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Creating An English Garden Bouquet

Updated: Apr 3, 2020

A proper English Garden bears certain elements: fragrance, loose structure, no particular order, and masses of overflowing blossoms! This week, I applied the same components of an English Garden to an English Garden Bouquet, using a common container many of us have at home.

I made a weekend trip to the local floral wholesaler to see what was available. I was IN LUCK! If only I could transport the delicious-ness of the cooler into this post. The floral cooler here was enormous. This photo is only a fraction of what was available.

Here is my bundle, wrapped in Kraft paper.

I left the store and walked to my car, listening to the flowers crinkle in their delicate wrappings.

Like an English gardener, I chose my flowers based on fullness, fragrance and a subtle color scheme. Here is what I purchased:

1 bunch of Eucalyptus

2 stems of Hydrangea macrophylla, light green

1 bunch of Freesia

1 bunch Ranunculus, pink and white variety

1 bunch of Veronica, white

1 bunch of Stock, light pink

2 bunches of Tulips, red and white in color

For my container, I chose a galvanized metal bucket for its understated appearance. The blossoms were putting on enough of a show, so there was no need for competition.

To prevent the flowers from falling onto each other with such a large opening, I made a grid across the top of the bucket using white electrical tape. I made vertical lines first, then horizontal. I tucked the ends under the lip of the pail. It did not show at all once the flowers were added.

I stopped at Pikes Nursery in Roswell to buy a pair of floral shears. Mine were worn down from previous years. I found this wood handled Classic pair made by Flexrake. I love the quality feel of Classic garden tools. I use their small shovel as well. Fits my height very well!

First I added a few sprigs of Eucalyptus. Because I wanted a very natural look, I didn't line the entire pail. I used no more than 5 pieces because they branch out quite well. I also put them into various rows, not just the outlying ones. Then, I trimmed them back as they hung a bit low.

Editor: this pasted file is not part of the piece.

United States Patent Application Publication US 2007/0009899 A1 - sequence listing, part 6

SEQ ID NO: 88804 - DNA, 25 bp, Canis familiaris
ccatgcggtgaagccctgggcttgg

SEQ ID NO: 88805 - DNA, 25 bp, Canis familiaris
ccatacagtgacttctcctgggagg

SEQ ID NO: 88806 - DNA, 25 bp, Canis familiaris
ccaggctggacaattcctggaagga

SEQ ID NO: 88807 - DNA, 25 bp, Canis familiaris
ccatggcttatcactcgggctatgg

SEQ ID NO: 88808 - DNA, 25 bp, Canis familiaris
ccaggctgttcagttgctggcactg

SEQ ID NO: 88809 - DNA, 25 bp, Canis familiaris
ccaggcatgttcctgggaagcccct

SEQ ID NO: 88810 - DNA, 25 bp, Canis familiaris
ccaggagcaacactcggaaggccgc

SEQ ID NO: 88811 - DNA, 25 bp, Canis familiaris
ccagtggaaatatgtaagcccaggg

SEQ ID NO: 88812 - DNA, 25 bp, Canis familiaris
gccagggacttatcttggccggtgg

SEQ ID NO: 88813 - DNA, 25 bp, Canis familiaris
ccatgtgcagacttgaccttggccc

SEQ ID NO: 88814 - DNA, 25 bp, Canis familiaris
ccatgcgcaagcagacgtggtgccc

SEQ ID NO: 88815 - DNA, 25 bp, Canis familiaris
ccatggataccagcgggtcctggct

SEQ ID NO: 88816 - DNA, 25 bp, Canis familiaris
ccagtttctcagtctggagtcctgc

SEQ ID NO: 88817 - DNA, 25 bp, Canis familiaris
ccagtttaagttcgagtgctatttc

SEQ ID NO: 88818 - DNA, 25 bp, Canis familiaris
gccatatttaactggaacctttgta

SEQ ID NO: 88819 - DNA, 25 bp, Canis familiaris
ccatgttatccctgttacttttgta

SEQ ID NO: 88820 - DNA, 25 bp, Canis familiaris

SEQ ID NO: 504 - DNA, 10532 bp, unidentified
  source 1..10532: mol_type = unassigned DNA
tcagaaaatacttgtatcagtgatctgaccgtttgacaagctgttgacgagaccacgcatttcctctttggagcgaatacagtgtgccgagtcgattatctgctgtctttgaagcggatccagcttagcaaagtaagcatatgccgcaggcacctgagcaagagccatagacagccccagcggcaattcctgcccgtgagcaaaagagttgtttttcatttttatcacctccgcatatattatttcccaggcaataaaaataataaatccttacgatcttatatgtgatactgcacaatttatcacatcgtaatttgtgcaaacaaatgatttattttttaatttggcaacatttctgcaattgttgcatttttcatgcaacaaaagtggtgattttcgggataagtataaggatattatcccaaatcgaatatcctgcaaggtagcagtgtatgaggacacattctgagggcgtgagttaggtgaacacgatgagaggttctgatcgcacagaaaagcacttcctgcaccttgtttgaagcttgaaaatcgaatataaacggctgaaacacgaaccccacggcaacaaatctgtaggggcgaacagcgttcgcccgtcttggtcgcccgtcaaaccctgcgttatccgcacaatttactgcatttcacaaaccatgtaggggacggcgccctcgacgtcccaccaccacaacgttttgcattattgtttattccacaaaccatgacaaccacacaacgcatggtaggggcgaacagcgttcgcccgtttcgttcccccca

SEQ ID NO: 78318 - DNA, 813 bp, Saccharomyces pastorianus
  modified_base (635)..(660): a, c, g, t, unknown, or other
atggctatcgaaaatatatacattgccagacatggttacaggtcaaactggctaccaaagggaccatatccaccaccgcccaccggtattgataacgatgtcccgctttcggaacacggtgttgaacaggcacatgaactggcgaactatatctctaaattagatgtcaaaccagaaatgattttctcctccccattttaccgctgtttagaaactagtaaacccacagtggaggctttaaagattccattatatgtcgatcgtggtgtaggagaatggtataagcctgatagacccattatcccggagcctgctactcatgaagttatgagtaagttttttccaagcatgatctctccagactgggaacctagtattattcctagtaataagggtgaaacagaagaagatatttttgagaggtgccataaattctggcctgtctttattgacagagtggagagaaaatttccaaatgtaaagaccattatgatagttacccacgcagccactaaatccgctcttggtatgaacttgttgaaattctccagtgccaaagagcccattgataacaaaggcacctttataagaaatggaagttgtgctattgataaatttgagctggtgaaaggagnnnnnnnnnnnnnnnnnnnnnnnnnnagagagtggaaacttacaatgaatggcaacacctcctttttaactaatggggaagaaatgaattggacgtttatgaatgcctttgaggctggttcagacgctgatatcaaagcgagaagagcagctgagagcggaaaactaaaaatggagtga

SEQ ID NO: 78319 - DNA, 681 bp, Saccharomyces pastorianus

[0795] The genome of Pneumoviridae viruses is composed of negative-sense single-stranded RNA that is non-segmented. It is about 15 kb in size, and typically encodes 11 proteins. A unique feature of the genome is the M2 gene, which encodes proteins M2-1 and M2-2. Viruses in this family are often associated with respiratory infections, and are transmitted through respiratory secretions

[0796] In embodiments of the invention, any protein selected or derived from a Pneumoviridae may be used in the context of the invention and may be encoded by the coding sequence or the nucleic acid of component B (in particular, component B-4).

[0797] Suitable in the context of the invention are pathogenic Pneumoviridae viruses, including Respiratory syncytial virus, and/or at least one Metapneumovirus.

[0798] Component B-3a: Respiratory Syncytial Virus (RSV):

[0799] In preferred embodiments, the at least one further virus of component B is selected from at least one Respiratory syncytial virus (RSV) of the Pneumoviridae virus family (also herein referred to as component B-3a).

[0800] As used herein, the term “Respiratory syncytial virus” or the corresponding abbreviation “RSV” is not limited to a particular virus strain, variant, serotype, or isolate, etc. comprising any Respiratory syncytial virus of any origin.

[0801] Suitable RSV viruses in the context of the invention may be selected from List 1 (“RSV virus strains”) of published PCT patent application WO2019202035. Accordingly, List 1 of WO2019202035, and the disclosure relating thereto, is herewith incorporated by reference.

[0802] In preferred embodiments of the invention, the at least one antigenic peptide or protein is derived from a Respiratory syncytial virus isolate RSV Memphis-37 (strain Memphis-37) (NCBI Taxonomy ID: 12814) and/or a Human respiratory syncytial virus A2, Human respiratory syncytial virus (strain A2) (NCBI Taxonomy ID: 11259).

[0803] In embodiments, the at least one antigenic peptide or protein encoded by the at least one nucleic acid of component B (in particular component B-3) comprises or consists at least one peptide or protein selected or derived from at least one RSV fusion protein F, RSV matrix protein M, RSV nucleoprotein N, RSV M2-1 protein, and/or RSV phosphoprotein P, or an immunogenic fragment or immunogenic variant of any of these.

Next, I began to add height using the Stock blossoms. Stock are by far my favorite purchased flower. Their fragrance is unmistakable in a garden setting, as well as indoors! I trimmed a few to keep the height varied and placed them throughout the grid.

The Freesia were then tucked into place on all sides. Also, a very fragrant flower! They were low lying and helped build layers from the bottom up.

When adding the tulips, I pulled some of the leaves off to make it less bulky in the grid.

I loved how the tulips gracefully plopped into place, supported here by the Stock and Eucalyptus. I used the two colors and added a 3 or 5 at a time to each area.

Here, the pink Ranuculous peek their heads in between the Freesia and the metal pail. As I built the bouquet, I turned the bucket around as I added more flowers, to keep a balanced order.

But, not too much order!

The spires of white Veronica added vertical interest, just as they do in their natural setting..

When adding the hydrangea blossoms, I chose the larger, open spots in the grid. Their puffy heads filled in those areas perfectly.

And here is the completed English Garden Bouquet. It was as lovely and overflowing as I had envisioned it. The fragrance was sweet and intoxicating and brought ideas to mind while I mentally planned what to grow in my Spring and summer garden this year.

I hope this post gives you some ideas on creating your own English Garden Bouquet at home, or better, to share with a friend!



Hembree House Interiors

Follow me on Instagram @hembreehouse for more inspiration!

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